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IBM Cloud Services Take On Amazon Redshift

IBM launches DashDB cloud-based columnar data warehouse fed by DataWorks data-integration service.
8 Robots Making Waves
8 Robots Making Waves
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DashDB and DataWorks, now available on IBM's Bluemix cloud apps platform, are outgrowths of IBM's February purchase of Cloudant. DashDB is a cloud-based data warehouse service, while DataWorks is a cloud-based data-integration service. IBM is being cagey about the technological roots of these new services, though it's a safe bet that the columnar, SQL-based DashDB service is based on IBM Netezza, while the lightweight data-transformation and data-movement services of DataWorks are based on IBM CastIron.

Initially, both services are designed to work in tandem with the Cloudant NoSQL database service, but "the roadmap calls for the services to eventually work with any source," said Derek Schoettle, CEO of IBM Cloudant, in a phone interview with InformationWeek.

Customers running web or mobile applications on IBM Cloudant will be able to automatically replicate data from cloud-based NoSQL databases into DashDB for historical reporting and analysis. Using DataWorks, customers will be able to bring in transactional or enrichment data from on-premises or cloud-based sources for deeper correlation, analysis, and prediction.

[Want more on Cloudant? Read IBM Cloudant Will Power Local Data Centers, Apple Apps.]

"We've integrated quite closely such that a user of Cloudant can export a database from within Cloudant, put it through a transformation [in DataWorks], and get that data to DashDB so it can be analyzed in a traditional schema," said Schoettle. "It essentially takes JSON and figures out what the schema should be in a relational model."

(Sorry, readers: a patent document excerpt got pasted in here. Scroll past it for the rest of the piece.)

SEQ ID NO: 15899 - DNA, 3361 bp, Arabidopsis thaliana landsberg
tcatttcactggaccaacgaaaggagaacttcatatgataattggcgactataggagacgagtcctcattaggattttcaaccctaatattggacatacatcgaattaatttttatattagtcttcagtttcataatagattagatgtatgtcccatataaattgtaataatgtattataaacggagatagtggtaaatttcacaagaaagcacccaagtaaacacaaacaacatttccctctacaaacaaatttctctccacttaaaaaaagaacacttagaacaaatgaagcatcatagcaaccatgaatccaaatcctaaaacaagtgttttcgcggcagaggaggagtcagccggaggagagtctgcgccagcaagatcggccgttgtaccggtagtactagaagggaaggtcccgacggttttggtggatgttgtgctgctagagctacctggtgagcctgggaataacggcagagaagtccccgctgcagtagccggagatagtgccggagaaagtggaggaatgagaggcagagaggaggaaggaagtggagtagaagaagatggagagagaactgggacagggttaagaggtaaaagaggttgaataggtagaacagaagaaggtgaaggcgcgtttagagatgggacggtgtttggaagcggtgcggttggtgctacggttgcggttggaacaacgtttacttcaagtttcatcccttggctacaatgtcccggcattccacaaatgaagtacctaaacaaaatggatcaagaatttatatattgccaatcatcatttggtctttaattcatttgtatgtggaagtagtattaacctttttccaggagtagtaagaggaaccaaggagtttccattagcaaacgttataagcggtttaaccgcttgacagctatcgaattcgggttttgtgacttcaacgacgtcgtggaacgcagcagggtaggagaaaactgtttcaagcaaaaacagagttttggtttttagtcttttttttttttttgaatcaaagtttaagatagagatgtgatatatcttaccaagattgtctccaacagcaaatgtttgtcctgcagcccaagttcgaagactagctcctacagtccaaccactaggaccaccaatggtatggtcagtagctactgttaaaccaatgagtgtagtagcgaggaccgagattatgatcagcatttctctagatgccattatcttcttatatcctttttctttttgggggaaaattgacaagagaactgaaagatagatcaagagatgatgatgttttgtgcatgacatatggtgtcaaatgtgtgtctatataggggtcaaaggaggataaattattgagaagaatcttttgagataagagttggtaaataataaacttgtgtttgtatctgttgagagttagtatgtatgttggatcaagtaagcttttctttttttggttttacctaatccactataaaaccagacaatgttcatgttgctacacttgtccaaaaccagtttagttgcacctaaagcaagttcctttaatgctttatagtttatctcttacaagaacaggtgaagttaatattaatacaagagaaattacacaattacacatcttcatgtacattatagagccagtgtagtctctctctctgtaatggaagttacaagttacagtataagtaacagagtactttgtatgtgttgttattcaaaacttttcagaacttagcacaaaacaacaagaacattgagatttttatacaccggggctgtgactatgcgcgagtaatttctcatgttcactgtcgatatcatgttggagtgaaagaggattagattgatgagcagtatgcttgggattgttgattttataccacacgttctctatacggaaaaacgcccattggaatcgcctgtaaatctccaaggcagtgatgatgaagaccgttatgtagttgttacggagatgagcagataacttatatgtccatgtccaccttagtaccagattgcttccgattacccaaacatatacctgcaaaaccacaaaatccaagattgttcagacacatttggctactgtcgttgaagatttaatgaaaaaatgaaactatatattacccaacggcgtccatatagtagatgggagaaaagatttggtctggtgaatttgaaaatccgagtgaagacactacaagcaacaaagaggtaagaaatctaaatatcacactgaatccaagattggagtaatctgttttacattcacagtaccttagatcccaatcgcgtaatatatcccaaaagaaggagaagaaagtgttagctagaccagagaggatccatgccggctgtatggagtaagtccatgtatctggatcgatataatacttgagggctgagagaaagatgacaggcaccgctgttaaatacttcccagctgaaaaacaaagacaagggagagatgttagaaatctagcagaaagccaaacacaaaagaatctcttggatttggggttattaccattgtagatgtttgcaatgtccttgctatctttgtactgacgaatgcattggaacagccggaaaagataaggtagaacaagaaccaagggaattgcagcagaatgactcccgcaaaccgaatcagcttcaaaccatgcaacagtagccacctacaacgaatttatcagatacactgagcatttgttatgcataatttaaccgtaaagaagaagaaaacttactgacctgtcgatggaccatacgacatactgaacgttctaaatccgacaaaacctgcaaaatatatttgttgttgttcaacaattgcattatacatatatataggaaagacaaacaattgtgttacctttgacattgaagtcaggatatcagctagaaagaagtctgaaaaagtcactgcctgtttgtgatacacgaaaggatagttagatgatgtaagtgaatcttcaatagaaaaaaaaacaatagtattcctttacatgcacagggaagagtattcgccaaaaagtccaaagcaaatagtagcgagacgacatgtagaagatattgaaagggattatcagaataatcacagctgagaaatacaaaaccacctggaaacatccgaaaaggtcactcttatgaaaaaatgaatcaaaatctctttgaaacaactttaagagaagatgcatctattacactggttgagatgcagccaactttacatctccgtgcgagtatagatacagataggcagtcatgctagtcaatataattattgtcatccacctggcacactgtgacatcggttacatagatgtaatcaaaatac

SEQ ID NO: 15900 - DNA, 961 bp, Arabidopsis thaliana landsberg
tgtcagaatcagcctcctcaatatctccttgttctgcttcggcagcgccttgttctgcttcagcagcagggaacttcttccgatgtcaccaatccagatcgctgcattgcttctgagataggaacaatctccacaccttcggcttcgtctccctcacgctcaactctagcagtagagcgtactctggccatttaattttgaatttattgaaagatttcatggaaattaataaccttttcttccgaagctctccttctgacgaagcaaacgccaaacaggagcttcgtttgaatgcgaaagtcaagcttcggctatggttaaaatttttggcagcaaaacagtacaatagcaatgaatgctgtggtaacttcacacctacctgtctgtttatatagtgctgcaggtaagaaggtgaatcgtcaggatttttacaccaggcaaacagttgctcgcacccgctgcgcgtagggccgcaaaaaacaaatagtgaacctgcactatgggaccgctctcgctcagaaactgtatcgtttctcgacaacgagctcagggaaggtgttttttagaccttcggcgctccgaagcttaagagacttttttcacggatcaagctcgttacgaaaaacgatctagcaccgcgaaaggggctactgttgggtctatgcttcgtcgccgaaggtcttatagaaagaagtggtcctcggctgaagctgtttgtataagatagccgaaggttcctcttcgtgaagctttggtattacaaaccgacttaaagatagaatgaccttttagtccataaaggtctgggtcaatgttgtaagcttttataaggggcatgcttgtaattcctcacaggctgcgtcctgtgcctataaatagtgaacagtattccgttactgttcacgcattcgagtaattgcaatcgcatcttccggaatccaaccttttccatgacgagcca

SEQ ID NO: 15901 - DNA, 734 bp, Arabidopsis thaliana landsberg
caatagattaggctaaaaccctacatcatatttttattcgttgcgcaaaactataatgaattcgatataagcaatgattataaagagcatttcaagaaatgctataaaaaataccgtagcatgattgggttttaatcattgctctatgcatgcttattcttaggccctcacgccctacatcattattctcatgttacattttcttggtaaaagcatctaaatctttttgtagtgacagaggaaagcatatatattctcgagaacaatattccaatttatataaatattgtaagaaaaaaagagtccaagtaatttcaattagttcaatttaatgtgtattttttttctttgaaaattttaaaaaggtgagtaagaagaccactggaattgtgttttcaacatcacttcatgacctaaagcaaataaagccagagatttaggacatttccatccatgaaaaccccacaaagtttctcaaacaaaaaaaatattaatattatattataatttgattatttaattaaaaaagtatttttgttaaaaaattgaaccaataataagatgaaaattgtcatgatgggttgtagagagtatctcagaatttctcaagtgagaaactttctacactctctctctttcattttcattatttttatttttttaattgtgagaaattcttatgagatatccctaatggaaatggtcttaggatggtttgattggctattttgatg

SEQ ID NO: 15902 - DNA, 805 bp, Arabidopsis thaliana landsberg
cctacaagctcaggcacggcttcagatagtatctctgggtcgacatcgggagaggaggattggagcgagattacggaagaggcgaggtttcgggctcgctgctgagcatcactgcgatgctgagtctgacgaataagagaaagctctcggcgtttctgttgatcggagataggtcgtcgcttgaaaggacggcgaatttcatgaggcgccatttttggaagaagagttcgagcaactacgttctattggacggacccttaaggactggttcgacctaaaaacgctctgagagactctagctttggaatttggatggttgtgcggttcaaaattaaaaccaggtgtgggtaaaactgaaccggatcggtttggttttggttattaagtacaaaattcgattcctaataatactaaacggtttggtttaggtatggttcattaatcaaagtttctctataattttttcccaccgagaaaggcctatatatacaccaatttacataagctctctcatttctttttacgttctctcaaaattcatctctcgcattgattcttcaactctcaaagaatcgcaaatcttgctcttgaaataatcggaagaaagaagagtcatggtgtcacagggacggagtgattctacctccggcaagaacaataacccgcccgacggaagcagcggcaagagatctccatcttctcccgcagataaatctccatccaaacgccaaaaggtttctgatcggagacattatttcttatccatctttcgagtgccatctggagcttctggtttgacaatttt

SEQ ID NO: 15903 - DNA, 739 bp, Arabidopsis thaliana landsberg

DashDB is clearly IBM's answer to the Redshift data warehousing service, which Amazon Web Services reports to be one of its fastest-growing products ever. Google BigQuery is another fast-growing offering in the cloud-based data warehouse service arena. DashDB and DataWorks are being delivered in a freemium model as an extension of users' Cloudant accounts, according to Schoettle, with a free tier of service and charges based on compute and data capacities.

As InformationWeek reported on Monday, IBM is also making the Cloudant database available on-premises as Cloudant Local. Cloudant is based on CouchDB, but this is the first availability of a commercially supported version of that open-source product for deployment within corporate data centers. Cloudant executives said the cloud-based NoSQL service was instrumental in winning IBM's recent mobile apps deal with Apple.

In other news announced at IBM's Insight event in Las Vegas this week, the company said its IBM Cognos and IBM SPSS business intelligence and analytics suites are being offered as hosted, managed services in the IBM SoftLayer cloud. This will enable Cognos and SPSS customers to either expand on or completely migrate to IBM's private cloud.

IBM also introduced its Watson Analytics service, which was announced last month, and what sounded more like warmed-over versions of previously announced "solution accelerators" for Customer Insight, Operations Insight, Security and Fraud Insight, Risk and Compliance Insight, and Data Warehouse Modernization. The accelerators are pre-integrated collections of IBM software that can be deployed -- with the help of IBM services -- in on-premises data centers, in private clouds (yours or IBMs), or in hybrid combinations of the two.

What will you use for your big-data platform? A high-scale relational database? NoSQL database? Hadoop? Event-processing technology? One size doesn't fit all. Here's how to decide. Get the new Pick Your Platform For Big Data issue of InformationWeek Tech Digest today. (Free registration required.)